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Innovators’ insights: The power of Millennials


Experiences lie at the core of what Millennials value, and they seek out those experiences over material things, said Stephan Jacob, founder and CEO of Cotopaxi outdoor gear.

Jacob was one of the innovator panelists joining a discussion Wednesday on the power of Millennials. His own company offers outdoor experiences as well as gear, and he said that brands need to figure out how to use experiences to build loyalty.

“What delivers ultimate happiness? For older generations, there was a perception that what delivers happiness is stuff. I think that perception as changing – the aspiration to owning a lot of stuff as opposed to living a meaningful life.”

“What you see on someone’s Instagram feed is a reminder of the cool experiences I’ve had, as opposed to the fancy, shiny things I own. Brands need to figure out a way to capture that.”

Mike Stone is founder and CEO of MakersKit, which sells DIY kits through retailers including West Elm and Williams Sonoma. One of the kits he sells enables people to make their own mozzarella cheese. “My parents would ask why someone would spend $25 on this kit if you can buy mozzarella cheese for $5,” he said. “It’s really the idea of learning something new and experience something new.”

Chieh Huang, CEO of online grocer Boxed, pointed out that the Millennial generation recently became the biggest generation in the American work force, and there could be drastic changes in how that generation will make payments in the future. He said this is the first time in human history where the majority of commerce isn’t quid pro quo, directly trading cash for goods.

“When you think about it like that, that’s incredibly powerful,” he said. “The entire social construct of which our economies are built upon is going into flux right now.”

With the Millennial population gaining traction, banks stand to face a significant amount of disruption. Les Riedl, CEO of fintech company GlobeOne, said it’s important to make the distinction between what people need – which is access to financial services – versus having those financial services come from banks.

“We’re spending over four hours a day on our smartphones. That is becoming the device for connectivity, for information, for social communities. Any industry that isn’t looking at how to take advantage not from the technology standpoint, but from the behavior standpoint, is going to be significantly disrupted.”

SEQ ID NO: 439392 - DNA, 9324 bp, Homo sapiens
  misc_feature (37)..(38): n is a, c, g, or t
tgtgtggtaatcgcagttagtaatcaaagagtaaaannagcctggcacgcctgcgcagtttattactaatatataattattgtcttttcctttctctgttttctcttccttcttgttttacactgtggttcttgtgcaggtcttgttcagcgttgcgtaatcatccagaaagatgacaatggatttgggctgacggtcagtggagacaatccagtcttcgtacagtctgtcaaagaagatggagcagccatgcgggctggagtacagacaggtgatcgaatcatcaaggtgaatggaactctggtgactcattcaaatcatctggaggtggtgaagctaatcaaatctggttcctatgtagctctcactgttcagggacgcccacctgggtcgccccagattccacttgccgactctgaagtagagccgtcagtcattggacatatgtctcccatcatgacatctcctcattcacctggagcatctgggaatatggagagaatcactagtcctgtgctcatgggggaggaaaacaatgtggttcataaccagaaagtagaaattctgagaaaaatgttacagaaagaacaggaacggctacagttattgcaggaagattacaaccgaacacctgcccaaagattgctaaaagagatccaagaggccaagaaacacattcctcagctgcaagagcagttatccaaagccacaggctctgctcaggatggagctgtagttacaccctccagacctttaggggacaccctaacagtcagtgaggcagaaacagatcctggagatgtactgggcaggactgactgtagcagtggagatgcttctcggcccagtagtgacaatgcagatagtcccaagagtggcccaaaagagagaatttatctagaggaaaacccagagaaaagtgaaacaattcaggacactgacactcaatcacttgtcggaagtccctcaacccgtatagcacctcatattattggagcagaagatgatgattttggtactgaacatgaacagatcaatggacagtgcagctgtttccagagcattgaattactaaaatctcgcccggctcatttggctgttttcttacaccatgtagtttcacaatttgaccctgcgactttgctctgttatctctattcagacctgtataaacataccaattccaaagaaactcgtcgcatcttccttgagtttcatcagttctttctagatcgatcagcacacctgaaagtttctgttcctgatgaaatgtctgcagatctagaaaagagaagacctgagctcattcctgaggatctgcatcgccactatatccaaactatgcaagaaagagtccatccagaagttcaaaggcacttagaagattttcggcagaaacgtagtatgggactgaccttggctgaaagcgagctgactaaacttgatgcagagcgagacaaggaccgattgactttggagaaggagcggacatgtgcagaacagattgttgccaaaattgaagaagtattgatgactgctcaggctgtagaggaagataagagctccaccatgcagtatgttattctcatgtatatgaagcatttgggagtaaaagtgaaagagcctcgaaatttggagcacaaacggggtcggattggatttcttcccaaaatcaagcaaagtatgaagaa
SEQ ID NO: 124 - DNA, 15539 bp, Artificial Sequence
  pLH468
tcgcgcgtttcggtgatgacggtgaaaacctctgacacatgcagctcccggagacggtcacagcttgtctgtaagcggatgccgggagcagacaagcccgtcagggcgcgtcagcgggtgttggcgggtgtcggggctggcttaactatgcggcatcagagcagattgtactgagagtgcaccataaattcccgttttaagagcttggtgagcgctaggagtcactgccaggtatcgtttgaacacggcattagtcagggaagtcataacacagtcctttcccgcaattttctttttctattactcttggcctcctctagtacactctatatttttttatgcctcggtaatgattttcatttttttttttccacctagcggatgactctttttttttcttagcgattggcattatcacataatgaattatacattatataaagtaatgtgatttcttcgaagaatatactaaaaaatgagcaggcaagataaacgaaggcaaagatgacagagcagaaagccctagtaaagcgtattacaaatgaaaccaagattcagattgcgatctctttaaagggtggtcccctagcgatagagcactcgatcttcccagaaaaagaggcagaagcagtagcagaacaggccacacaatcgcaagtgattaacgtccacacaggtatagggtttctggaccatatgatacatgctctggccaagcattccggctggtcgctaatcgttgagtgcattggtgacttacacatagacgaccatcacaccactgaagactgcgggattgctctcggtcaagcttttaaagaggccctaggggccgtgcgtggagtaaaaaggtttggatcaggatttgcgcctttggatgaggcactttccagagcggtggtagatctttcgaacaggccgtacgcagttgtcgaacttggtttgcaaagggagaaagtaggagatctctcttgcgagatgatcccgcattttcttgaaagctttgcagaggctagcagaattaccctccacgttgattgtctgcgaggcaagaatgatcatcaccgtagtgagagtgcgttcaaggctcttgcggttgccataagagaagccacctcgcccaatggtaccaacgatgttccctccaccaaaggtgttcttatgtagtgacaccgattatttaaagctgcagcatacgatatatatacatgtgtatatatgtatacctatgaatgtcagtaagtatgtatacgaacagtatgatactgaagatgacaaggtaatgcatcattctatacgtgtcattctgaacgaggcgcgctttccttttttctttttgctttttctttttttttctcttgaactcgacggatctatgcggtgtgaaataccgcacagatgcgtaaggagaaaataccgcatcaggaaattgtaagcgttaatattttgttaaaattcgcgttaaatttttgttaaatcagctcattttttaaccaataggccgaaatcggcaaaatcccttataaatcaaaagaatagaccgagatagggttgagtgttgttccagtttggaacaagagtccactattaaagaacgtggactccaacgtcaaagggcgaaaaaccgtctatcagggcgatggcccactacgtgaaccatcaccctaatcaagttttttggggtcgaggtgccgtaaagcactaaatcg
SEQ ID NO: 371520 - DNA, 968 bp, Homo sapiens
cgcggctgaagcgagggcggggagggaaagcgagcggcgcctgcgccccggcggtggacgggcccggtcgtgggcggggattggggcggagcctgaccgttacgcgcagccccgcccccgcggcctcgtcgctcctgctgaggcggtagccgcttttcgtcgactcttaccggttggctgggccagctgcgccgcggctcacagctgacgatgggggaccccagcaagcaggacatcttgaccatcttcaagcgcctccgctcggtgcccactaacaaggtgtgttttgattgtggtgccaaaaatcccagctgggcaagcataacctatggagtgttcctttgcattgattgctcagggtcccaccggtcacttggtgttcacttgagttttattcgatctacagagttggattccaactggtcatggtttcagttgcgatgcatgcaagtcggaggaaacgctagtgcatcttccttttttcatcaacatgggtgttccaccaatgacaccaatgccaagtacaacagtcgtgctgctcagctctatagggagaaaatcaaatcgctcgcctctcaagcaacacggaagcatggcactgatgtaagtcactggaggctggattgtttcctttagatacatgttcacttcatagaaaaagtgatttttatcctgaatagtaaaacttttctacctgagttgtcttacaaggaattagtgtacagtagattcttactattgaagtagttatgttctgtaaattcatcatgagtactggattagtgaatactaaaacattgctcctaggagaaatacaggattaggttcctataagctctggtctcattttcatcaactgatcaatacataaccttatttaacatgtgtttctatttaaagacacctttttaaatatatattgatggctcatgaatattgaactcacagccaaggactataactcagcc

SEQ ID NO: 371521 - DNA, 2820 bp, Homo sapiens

“I think what you’re seeing is a need for financial services and a disconnect in terms of how banks deliver those services.”

Millennials have also disrupted the way brands market themselves. Maintaining a strong social media presence is not only important, but necessary.

“Word of mouth is still very much king,” Huang said, adding that no one discovers something like Uber by Googling cab services. “If you don’t take social media seriously, at least mobile won’t be a game where you’ll be successful.”

Instant feedback is a major advantage of having a social media presence, Stone said. Brands can find out right away what customers like and dislike. “Listening to that is key. A lot of brands are finally getting that, whereas I think before it was ignored,” he said.

While the Millennial segment will continue to be important for a long time, brands need to prepare for what that generation will eventually bring to the marketplace and what their expectations are going to be, Huang said.

“Eight years ago, the App Store didn’t even exist,” he said. “I can’t imagine eight years from now where we’re going to be.”

Autumn Giusti
Autumn Cafiero Giusti is a New Orleans-based writer and editor with more than 15 years of professional experience. Giusti has covered global payments and financial services since 2006, having contributed to nearly a half-dozen trade and consumer publications. She previously served as news editor for New Orleans’ weekly business newspaper and as a daily newspaper reporter in Florida.

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